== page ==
{graphics}R Documentation

Plot Univariate Effects of a 'Design' or Model


Plot univariate effects of one ore more factors, typically for a designed experiment as analyzed by aov(). Further, in S this a method of the plot generic function for design objects.

Usage, y = NULL, fun = mean, data = NULL, ...,
            ylim = NULL, xlab = "Factors", ylab = NULL,
            main = NULL, ask = NULL, xaxt = par("xaxt"),
            axes = TRUE, xtick = FALSE)


x either a data frame containing the design factors and optionally the response, or a formula or terms object.
y the response, if not given in x.
fun a function (or name of one) to be applied to each subset. It must return one number for a numeric (vector) input.
data data frame containing the variables referenced by x when that is formula like.
... graphical arguments such as col, see par.
ylim range of y values, as in plot.default.
xlab x axis label, see title.
ylab y axis label with a “smart” default.
main main title, see title.
ask logical indicating if the user should be asked before a new page is started – in the case of multiple y's.
xaxt character giving the type of x axis.
axes logical indicating if axes should be drawn.
xtick logical indicating if “ticks” (one per factor) should be drawn on the x axis.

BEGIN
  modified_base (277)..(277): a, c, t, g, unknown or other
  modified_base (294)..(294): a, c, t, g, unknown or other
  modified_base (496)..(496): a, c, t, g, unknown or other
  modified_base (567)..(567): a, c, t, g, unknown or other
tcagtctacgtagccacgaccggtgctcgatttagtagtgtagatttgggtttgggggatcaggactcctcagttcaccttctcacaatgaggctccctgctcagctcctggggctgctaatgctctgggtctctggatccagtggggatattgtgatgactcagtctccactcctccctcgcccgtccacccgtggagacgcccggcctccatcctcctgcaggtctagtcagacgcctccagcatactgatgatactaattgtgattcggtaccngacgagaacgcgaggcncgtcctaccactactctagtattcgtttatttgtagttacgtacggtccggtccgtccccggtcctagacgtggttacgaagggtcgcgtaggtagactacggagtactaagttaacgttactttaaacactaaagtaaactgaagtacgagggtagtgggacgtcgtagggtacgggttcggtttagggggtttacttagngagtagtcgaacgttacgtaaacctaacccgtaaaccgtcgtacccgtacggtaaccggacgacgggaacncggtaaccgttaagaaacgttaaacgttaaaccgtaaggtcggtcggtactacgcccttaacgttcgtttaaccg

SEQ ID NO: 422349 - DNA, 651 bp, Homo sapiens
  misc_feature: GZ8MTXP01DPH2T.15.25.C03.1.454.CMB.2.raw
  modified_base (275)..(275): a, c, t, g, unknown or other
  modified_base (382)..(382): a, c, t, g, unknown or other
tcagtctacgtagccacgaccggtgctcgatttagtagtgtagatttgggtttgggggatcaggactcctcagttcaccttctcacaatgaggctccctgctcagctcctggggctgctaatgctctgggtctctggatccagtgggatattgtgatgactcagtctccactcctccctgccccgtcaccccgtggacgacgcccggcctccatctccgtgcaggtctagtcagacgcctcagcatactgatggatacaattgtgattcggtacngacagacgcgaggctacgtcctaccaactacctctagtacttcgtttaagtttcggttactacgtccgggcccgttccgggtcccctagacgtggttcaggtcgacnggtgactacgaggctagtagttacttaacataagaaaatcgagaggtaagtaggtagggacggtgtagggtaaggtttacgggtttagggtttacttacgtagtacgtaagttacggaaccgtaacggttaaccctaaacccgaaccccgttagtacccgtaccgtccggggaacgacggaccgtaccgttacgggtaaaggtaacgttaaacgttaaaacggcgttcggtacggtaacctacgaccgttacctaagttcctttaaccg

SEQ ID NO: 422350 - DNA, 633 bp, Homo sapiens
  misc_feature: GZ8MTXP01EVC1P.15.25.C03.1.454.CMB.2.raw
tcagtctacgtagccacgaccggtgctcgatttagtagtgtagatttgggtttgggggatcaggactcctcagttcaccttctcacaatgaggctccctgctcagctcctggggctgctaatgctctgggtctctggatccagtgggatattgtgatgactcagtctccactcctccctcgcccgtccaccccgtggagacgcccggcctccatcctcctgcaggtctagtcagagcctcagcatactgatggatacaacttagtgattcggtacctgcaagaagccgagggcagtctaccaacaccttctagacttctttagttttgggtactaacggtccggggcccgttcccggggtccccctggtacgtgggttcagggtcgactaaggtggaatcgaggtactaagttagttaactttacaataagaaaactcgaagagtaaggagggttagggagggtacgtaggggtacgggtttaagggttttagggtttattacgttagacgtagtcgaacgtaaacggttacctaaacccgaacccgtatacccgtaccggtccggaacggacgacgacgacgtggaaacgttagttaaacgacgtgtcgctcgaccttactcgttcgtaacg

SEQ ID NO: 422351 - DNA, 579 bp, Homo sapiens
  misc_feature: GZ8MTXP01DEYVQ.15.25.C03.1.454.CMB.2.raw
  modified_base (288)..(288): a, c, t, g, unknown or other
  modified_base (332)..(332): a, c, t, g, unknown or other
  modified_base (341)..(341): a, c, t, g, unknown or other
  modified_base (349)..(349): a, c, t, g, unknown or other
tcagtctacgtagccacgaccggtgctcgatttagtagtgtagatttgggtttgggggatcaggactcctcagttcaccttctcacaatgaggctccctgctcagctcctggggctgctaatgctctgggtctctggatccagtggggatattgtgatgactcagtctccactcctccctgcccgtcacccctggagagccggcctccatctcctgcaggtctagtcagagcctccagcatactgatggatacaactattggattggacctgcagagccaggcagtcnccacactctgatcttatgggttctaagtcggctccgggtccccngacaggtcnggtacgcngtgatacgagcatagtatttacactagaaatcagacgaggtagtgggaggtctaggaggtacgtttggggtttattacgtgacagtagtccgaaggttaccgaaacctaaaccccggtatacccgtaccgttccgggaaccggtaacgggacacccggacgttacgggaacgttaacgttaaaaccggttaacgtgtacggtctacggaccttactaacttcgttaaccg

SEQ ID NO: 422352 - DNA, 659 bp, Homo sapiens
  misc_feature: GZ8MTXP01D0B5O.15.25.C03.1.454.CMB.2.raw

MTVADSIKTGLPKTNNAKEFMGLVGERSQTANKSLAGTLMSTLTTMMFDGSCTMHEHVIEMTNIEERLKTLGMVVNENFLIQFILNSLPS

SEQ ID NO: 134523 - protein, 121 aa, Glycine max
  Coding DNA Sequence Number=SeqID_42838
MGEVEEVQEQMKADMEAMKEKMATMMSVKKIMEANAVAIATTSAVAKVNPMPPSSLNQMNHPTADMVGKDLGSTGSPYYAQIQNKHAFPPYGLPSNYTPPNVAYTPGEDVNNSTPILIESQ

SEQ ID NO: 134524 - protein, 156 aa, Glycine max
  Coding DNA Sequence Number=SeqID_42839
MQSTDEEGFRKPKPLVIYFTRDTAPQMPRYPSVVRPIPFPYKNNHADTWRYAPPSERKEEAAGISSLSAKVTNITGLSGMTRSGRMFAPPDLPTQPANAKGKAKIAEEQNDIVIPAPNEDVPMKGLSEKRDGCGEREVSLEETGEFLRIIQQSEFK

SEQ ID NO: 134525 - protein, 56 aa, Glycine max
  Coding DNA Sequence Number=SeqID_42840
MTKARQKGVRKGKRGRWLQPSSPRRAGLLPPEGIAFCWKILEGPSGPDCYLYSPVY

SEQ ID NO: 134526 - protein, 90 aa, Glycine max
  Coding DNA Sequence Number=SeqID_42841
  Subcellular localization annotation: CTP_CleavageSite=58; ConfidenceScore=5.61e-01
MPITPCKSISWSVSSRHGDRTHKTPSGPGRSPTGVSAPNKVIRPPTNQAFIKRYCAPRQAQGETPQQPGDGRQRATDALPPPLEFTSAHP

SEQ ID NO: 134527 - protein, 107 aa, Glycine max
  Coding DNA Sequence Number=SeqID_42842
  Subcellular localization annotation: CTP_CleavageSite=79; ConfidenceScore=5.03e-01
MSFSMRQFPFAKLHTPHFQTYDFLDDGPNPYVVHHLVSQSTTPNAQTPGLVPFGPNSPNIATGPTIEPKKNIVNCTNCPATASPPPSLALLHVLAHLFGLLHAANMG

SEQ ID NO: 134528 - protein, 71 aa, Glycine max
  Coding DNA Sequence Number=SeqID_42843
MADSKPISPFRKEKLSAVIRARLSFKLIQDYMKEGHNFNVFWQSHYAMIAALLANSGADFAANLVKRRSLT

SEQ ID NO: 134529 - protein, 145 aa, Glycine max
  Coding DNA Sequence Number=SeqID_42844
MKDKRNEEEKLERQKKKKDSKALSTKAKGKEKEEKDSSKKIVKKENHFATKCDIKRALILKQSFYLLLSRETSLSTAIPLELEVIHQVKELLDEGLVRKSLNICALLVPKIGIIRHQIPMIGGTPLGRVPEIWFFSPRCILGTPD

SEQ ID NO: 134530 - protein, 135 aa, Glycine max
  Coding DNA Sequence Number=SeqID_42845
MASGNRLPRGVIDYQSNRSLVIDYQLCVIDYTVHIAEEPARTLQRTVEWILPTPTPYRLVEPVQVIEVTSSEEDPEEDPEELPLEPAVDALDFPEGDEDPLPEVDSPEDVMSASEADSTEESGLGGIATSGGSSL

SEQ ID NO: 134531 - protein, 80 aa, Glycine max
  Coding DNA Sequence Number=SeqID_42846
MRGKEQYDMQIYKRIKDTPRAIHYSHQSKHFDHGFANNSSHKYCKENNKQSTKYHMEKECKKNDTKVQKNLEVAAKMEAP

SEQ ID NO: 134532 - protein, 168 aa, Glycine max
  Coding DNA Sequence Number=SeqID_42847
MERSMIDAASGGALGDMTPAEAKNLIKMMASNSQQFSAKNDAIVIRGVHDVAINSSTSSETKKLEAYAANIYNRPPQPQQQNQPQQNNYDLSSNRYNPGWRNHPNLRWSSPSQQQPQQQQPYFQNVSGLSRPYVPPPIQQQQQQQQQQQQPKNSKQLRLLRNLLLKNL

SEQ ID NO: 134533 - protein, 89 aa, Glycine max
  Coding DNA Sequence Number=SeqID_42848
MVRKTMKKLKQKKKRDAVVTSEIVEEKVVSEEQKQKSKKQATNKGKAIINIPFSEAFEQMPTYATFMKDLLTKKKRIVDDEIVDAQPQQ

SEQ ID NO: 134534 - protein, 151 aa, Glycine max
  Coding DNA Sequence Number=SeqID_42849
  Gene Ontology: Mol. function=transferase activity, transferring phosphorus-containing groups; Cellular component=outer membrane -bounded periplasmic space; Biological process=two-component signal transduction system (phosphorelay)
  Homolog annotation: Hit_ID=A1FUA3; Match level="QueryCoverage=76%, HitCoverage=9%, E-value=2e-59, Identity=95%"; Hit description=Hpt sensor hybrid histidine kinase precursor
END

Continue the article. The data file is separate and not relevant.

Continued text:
The supplied function will be called once for each level of each factor in the design and the plot will show these summary values. The levels of a particular factor are shown along a vertical line, and the overall value of fun() for the response is drawn as a horizontal line.

This is a new R implementation which will not be completely compatible to the earlier S implementations. This is not a bug but might still change.


A big effort was taken to make this closely compatible to the S version. However, col (and fg) specification has different effects.


Roberto Frisullo and Martin Maechler


Chambers, J. M. and Hastie, T. J. eds (1992) Statistical Models in S. Chapman & Hall, London, the white book, pp. 546–7 (and 163–4).

Freeny, A. E. and Landwehr, J. M. (1990) Displays for data from large designed experiments; Computer Science and Statistics: Proc. 22nd Symp. Interface, 117–126, Springer Verlag.

See Also

interaction.plot for a “standard graphic” of designed experiments.

Examples automatic for data frame with one numeric var.

Form <- breaks ~ wool + tension
summary(fm1 <- aov(Form, data = warpbreaks))       Form, data = warpbreaks, col = 2)# same as above

## More than one y :
utils::str(esoph) ## two plots; if interactive you are "ask"ed

## or rather, compare mean and median:
op <- par(mfcol = 1:2) ~ ., data = esoph, ylim = c(0, 0.8)) ~ ., data = esoph, ylim = c(0, 0.8),
            fun = median)

[Package graphics version 2.5.0 Index]